How is this wise from a business stand-point?

Today I went for a walk and found myself standing in the parking lot of a Ukrop’s, a grocery store chain that seems ubiquitous in central Virginia. The store is not opened on Sundays, so I was shocked and confused to find all of its plant wares still displayed in front of the store. It was weird seeing tables full of plants, racks of hanging plants, and even ornamental trees just sitting out, with not a soul around.

I looked to see if the plants were secured or chained down somehow. They were not.

Now, I’m not a saint but I felt guilty just standing there with all those unguarded beauties. Surely there are others who wouldn’t hesitate to help themselves. That’s just the way humans are. So why would a business make it easier for them? It just doesn’t make sense to me.

Hmm. I’ve been to several Ukrop’s here in town, and I can’t say I’ve noticed this. Which one?

The one in Carytown.

I’d hazard a guess that somebody was just in a hurry to get home Saturday night and forgot to bring the stuff inside, don’t you think?

Maybe I’ll head over there later and check it out. I’m thinking maybe they rely on video surveillance, motion alarms and/or good lighting to deter thieves, perhaps.

Who steals plants and outdoor furniture? Usually thieves are in it for the resale value, right?

Not if they want some plants or outdoor furniture

“Check out” or “Case out”? :wink:

Hmm. Can’t say I’ve ever heard of Ukrop’s but I had a similar experience recently.

The local UU church had a plant and garden sale last weekend. They asked all the donated plants and such to be dropped off on Friday. Saturday afternoon they took them all out to the sidewalk and set up the displays then left them there overnight for the sale Sunday morning.

Struck me as astonishing. But that’s what they did.

I find it more amazing that a grocery store is closed on Sundays. That seems to be the day that everyone does their weekly shopping around here. I just got back and it was packed.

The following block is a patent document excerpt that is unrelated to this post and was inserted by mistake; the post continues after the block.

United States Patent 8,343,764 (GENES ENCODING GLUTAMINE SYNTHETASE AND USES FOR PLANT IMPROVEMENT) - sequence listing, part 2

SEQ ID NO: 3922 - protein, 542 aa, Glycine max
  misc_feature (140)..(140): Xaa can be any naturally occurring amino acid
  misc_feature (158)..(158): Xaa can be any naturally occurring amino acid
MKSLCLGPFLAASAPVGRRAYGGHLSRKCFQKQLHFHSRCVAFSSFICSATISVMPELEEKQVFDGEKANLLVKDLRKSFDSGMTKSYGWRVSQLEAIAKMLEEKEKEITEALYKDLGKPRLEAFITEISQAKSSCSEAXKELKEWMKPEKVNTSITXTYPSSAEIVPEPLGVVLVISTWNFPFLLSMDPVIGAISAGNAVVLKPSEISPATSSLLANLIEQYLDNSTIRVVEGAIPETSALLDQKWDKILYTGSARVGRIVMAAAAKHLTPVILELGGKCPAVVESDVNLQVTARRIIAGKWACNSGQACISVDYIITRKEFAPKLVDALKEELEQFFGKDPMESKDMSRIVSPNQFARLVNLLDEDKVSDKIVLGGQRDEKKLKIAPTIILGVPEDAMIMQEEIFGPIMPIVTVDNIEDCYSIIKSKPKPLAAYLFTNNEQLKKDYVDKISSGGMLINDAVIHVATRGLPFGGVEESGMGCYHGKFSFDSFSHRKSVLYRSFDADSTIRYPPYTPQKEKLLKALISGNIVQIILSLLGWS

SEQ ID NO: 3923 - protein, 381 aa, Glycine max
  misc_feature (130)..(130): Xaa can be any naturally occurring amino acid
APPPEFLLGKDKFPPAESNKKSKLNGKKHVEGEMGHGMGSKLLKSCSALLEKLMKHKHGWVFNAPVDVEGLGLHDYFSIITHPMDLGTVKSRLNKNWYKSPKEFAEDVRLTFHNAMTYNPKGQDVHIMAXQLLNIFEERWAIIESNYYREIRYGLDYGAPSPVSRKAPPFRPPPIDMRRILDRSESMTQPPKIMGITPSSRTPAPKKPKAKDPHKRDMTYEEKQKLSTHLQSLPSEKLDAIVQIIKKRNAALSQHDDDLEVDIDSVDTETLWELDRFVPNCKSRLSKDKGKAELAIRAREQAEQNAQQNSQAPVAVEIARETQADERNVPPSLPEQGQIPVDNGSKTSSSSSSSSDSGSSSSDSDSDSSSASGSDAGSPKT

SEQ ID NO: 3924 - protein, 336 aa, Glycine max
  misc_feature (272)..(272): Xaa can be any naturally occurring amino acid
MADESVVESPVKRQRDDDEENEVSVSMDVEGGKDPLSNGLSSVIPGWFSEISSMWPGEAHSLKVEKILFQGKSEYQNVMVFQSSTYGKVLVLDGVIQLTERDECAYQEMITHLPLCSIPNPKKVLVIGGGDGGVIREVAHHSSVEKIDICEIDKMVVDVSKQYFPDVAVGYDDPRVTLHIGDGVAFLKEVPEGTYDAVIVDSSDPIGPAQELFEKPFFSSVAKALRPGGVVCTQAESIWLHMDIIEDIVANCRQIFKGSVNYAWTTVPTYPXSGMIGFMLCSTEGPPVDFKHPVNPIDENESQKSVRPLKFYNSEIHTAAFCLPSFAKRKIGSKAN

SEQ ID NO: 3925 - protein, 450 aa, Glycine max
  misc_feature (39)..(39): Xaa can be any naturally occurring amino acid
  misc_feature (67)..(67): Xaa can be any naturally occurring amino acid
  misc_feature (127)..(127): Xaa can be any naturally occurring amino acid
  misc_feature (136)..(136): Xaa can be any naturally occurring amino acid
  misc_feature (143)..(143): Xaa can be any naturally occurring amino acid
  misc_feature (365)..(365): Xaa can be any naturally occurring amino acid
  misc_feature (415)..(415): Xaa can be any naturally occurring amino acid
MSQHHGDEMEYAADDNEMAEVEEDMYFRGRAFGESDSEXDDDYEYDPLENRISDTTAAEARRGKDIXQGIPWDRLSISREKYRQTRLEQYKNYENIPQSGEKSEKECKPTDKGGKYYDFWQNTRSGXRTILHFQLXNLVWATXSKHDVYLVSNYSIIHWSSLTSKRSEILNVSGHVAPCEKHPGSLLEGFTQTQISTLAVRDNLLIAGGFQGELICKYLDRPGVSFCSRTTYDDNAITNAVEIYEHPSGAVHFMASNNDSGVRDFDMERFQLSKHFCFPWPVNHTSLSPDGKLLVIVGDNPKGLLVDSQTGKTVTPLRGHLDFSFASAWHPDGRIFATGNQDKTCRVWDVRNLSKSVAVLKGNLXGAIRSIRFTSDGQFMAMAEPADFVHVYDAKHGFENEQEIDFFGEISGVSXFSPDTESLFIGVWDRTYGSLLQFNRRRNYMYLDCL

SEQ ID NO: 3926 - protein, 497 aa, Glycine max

Almost every grocery store around here is open 24/7, and at least part of the time on holidays.

The store chain is known for having Christian values.

Just a WAG, but its getting pretty late in the season for many of the smaller plants. Their sale value is prime in May/June, and starts going down fast after July 4th Long Weekend. (Think about how much a calender is worth in late January…)

The larger plants, furnature, etc… I assume that someone “forgot”…Or do you live in Mayberry?


Gardening equipment can be incredibly valuable. We had a lawnmower stolen from the (locked) shed and were told that there was a gang of thieves hitting the local area for any equipment or furniture they could lay their hands on. They worked hard at it too - our insurance company said they’d pay up this time but we had to get better security than just a padlock. So we put a couple yales, hasps closed by padlocks, padlocked bolts, a deep internal lock with detachable operating mechanism which was kept indoors. So the thieves just cut the door off and removed our replacement mower. The third one stays in the house. :frowning:

Maybe it’s too labor intensive for them to move all of it in and then out at opening and closing and they would rather just take their chances on loss as opposed to taking all the time to move them … ?

That’s what we do with all of our plants. If we get 100 plants in we count on selling about 80 of them, the rest will die/not sell/get stolen. It would cost more to haul them in and pull them out everyday. Plus you’d wind up with some of them getting damaged sooner or later.

Do people actually buy this stuff, anyway? It seems more like something to draw you into the store, like the discount cart outside a bookstore.

::scratches head::
Why wouldn’t people buy plants and trees?
Besides, if it didn’t sell, the store certainly wouldn’t have it.
And if you are correct that they are just putting stuff outside to draw in customers and didn’t think it was going to sell, it would be a bad business move to use perishable items.

Around here every spring different nursery companies open temporary outdoor flower/plant shops in the parking lots of grocery stores. It usually consists of a plastic tent of some type to keep the “shade” plants in and the rest are outside. The only wall they have around the place is a temporary split rail fence.
If anyone really wanted to they could pull a van next to it in the middle of the night and load it up, however they’d have to be fairly brave since they are in a big empty well lit parking lot.
I think a few have had problems because they do have signs posted saying they give rewards to anyone reporting theft activity.